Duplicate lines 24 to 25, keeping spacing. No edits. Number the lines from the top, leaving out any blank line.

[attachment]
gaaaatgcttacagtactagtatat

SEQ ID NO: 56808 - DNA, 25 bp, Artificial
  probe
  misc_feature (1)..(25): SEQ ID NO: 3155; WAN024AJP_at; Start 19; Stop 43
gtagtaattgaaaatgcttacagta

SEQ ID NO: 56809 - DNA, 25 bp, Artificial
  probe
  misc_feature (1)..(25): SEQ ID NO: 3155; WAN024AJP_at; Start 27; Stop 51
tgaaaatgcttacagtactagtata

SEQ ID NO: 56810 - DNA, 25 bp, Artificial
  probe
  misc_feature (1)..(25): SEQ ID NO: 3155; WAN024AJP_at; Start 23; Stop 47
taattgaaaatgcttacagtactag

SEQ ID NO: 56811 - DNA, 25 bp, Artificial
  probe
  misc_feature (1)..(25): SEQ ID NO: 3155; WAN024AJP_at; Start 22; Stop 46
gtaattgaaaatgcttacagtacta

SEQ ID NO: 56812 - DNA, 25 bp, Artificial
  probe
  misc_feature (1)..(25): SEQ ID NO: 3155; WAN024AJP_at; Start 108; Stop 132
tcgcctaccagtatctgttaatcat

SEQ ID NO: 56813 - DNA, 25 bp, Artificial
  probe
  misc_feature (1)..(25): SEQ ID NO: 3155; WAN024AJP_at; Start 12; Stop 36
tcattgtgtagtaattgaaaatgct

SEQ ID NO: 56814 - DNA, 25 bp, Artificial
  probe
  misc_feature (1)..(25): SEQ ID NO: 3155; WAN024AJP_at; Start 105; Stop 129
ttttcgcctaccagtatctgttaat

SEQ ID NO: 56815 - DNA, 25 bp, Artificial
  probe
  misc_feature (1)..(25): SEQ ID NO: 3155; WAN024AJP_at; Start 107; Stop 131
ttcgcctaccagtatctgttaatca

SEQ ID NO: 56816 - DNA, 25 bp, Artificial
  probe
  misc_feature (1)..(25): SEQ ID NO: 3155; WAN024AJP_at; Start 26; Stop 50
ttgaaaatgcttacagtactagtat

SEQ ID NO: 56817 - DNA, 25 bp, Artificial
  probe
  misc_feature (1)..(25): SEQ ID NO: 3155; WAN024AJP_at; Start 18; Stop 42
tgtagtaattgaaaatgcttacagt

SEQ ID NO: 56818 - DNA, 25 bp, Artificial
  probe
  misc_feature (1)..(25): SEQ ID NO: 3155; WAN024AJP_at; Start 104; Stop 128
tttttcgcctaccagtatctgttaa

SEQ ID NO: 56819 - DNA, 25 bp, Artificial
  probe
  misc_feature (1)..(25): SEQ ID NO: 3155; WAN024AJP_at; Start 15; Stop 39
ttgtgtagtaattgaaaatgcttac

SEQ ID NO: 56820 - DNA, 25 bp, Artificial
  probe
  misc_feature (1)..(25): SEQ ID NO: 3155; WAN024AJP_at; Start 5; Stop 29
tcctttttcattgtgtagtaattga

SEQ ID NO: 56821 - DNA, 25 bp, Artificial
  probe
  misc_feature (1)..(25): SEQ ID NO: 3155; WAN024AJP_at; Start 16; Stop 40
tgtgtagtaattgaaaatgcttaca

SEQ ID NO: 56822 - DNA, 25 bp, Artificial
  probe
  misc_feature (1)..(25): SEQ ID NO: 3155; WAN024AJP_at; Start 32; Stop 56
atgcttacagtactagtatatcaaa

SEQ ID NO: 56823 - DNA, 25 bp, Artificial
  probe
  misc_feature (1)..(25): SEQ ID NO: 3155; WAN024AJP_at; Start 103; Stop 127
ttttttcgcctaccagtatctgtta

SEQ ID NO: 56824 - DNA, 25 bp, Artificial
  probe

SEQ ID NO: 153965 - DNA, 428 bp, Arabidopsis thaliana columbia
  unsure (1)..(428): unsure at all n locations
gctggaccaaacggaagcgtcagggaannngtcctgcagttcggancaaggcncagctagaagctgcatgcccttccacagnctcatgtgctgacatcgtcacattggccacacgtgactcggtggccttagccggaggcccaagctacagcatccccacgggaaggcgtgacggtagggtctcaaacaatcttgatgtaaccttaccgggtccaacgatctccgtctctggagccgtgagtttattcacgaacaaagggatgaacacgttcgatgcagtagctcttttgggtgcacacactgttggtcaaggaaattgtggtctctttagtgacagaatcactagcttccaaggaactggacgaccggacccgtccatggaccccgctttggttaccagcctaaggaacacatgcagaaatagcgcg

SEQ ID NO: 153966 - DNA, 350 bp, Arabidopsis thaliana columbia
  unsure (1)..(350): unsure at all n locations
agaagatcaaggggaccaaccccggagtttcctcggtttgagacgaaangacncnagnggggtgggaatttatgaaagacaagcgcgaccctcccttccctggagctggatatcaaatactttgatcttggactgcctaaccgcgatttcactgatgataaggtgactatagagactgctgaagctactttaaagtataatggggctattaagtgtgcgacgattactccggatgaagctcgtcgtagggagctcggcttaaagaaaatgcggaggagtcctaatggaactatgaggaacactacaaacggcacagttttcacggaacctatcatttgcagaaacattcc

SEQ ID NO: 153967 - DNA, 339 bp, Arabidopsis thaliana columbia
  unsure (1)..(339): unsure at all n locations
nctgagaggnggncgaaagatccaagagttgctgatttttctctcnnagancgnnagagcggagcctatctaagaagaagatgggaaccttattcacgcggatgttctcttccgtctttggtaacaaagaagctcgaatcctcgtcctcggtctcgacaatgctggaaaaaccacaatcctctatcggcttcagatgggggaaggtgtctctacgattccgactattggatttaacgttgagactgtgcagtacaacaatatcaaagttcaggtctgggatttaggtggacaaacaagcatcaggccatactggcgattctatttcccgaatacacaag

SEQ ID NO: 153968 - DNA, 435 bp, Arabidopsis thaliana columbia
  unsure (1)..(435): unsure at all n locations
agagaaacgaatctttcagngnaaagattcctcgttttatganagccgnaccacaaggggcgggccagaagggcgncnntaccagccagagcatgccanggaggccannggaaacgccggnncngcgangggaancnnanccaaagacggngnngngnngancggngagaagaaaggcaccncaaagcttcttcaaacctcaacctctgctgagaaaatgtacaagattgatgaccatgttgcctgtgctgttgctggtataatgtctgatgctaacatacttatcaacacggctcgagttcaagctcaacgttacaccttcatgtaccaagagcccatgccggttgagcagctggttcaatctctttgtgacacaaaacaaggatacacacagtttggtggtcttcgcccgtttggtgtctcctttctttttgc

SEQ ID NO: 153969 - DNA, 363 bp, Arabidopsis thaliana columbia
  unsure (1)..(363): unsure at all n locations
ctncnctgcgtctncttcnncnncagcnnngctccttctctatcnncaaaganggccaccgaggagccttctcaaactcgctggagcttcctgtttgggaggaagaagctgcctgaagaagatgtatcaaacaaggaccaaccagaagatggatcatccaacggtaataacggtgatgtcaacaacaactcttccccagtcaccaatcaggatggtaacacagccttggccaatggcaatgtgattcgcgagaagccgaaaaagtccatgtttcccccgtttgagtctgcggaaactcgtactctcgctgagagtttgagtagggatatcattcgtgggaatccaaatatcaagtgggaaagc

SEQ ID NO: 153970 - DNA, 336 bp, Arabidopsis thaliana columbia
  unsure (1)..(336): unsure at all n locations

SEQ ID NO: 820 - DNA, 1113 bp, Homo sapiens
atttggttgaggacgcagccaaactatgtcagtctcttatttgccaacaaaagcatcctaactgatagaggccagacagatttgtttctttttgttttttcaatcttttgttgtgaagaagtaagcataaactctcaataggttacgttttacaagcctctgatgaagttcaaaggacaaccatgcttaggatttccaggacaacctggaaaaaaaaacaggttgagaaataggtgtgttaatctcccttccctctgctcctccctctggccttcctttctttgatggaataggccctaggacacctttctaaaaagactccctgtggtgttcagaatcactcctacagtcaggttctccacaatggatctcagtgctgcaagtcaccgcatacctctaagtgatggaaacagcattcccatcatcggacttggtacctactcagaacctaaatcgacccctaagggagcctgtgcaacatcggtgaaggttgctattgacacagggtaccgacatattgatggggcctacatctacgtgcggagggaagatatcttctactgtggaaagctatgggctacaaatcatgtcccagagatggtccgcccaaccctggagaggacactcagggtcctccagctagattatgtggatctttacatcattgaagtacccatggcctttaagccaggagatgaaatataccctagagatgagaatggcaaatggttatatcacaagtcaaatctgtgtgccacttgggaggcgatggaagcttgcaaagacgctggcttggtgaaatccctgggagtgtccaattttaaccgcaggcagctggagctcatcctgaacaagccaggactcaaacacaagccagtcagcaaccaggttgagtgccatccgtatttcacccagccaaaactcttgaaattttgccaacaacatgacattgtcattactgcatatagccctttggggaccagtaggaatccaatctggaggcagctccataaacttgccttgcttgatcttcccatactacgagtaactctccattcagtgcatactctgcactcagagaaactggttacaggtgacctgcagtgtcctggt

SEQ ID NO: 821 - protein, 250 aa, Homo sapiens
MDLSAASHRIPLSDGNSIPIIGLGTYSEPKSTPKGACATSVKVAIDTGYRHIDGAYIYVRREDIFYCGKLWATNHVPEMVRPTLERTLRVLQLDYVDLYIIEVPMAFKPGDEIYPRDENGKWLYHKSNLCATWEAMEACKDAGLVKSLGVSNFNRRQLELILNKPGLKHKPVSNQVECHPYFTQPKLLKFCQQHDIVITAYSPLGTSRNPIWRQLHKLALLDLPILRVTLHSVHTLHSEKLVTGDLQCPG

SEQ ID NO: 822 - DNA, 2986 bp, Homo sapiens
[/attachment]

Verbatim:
  misc_feature (1)..(25): SEQ ID NO: 3155; WAN024AJP_at; Start 12; Stop 36
tcattgtgtagtaattgaaaatgct